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dc.contributor.authorCarnevale, Anthony P.en
dc.contributor.authorSmith, Nicoleen
dc.contributor.authorPeltier Campbell, Kathrynen
dc.date.accessioned2019-12-19T19:57:03Zen
dc.date.available2019-12-19T19:57:03Zen
dc.date.issued2019en
dc.identifier.urihttp://hdl.handle.net/10919/96144en
dc.description.abstractIn this report, the authors explore how sex, age, income, race, and political affiliation might influence opinions regarding women’s suitability to be president. They also explore whether educational attainment levels might lead to broader options for political leadership by reducing bias that could limit the candidate pool.en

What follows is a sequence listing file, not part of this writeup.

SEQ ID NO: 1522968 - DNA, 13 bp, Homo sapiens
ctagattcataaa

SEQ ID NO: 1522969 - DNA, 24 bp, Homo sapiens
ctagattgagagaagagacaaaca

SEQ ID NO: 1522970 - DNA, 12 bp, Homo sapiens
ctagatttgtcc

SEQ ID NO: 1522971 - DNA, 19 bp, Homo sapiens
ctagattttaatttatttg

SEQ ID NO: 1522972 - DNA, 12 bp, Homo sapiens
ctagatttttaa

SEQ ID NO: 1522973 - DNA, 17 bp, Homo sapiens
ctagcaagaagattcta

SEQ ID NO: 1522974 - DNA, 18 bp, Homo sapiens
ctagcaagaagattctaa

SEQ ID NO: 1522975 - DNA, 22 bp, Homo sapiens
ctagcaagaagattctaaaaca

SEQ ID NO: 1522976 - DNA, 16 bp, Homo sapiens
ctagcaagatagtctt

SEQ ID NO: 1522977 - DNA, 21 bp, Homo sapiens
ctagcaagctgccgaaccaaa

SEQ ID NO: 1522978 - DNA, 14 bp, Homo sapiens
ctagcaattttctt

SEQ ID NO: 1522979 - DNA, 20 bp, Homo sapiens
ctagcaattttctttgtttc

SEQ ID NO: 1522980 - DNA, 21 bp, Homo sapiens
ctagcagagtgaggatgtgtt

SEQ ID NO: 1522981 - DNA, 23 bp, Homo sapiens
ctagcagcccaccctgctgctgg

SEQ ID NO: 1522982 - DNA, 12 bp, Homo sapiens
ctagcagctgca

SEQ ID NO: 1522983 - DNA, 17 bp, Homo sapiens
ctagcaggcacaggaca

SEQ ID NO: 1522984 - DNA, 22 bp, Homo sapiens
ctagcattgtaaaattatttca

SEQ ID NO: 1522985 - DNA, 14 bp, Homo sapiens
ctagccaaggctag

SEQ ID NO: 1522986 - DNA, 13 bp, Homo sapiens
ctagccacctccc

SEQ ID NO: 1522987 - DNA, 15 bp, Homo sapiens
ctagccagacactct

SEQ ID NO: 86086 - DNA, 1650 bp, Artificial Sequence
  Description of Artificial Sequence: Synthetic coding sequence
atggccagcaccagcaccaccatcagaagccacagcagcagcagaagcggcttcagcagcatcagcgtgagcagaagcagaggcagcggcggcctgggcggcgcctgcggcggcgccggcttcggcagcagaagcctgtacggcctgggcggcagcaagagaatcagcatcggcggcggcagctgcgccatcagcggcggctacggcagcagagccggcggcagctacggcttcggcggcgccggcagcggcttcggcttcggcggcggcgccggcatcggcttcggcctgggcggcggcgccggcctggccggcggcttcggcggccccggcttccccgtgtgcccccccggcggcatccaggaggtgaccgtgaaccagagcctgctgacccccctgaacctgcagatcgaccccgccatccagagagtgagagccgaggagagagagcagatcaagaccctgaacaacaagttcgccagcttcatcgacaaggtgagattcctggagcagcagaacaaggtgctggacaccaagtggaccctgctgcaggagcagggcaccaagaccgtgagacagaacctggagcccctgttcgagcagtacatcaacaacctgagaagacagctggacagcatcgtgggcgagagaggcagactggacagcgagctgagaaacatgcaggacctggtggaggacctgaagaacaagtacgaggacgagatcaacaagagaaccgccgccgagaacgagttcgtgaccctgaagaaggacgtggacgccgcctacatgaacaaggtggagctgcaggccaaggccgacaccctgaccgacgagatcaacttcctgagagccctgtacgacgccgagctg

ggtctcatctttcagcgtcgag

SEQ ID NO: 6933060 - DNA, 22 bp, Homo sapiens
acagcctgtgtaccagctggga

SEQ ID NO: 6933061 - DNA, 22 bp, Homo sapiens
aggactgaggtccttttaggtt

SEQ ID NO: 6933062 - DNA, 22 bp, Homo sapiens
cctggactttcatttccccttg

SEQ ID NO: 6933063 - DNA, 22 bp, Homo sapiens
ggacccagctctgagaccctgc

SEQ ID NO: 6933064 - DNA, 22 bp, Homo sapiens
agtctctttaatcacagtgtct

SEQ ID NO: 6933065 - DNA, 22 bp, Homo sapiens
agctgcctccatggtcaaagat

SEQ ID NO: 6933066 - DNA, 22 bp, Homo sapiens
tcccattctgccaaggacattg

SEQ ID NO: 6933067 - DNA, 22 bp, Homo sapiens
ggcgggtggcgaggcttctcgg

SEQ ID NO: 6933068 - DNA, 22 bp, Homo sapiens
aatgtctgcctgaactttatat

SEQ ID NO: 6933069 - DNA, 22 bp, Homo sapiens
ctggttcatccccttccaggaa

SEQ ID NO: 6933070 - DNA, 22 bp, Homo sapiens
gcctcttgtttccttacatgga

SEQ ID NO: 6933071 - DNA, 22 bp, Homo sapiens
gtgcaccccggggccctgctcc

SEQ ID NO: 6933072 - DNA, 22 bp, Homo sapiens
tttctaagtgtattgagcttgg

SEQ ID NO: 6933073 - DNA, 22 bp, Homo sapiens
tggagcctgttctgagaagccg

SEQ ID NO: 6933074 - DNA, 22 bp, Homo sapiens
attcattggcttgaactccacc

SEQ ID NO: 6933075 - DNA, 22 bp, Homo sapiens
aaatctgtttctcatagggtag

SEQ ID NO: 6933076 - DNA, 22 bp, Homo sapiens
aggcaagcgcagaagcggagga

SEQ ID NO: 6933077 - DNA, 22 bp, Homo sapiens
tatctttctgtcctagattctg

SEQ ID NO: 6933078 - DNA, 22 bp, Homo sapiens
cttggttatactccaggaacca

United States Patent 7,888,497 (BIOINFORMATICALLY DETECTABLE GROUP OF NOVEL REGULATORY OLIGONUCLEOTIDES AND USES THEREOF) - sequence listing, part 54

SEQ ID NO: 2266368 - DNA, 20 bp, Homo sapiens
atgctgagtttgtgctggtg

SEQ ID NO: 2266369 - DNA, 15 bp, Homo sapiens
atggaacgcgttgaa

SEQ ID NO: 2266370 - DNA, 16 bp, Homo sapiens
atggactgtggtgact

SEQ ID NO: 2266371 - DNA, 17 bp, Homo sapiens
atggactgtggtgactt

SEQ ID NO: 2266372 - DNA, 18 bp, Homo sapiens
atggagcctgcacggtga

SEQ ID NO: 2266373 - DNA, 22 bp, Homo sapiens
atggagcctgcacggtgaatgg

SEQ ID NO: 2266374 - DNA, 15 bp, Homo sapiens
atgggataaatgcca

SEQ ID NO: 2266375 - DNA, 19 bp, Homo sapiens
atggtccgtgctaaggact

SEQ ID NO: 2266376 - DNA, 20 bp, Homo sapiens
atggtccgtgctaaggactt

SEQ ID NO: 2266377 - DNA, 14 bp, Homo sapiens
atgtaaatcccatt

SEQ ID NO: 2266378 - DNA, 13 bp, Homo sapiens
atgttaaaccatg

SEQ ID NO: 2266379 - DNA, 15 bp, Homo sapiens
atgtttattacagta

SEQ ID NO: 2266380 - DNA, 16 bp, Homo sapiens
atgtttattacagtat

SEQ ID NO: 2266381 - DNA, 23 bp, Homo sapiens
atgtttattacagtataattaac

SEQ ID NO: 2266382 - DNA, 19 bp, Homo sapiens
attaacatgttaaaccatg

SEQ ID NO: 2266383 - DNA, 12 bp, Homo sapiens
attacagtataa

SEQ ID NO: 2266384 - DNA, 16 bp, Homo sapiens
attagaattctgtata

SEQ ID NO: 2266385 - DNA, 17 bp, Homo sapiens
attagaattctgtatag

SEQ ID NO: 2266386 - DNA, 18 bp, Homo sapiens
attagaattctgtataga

dc.description.sponsorshipGeorgetown University Center on Education and the Workforceen
dc.format.mimetypeapplication/pdfen
dc.language.isoenen
dc.publisherGeorgetown University Center on Education and the Workforceen
dc.rightsCreative Commons Attribution-NonCommercial-NoDerivatives 4.0 Internationalen
dc.rights.urihttp://creativecommons.org/licenses/by-nc-nd/4.0/en
dc.subjecteducation, higher--government policyen
dc.subjecteducational attainmenten
dc.subjectwomen in higher educationen
dc.subjectacademic achievement gapen
dc.titleMay the Best Woman Win?: Education and Bias against Women in American Politicsen
dc.typeArticleen
dc.date.accessed2019-10-25en
dc.type.dcmitypeTexten
dc.identifier.sourceurlhttps://1gyhoq479ufd3yna29x7ubjn-wpengine.netdna-ssl.com/wp-content/uploads/Women_in_Politics.pdfen


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Creative Commons Attribution-NonCommercial-NoDerivatives 4.0 International
License: Creative Commons Attribution-NonCommercial-NoDerivatives 4.0 International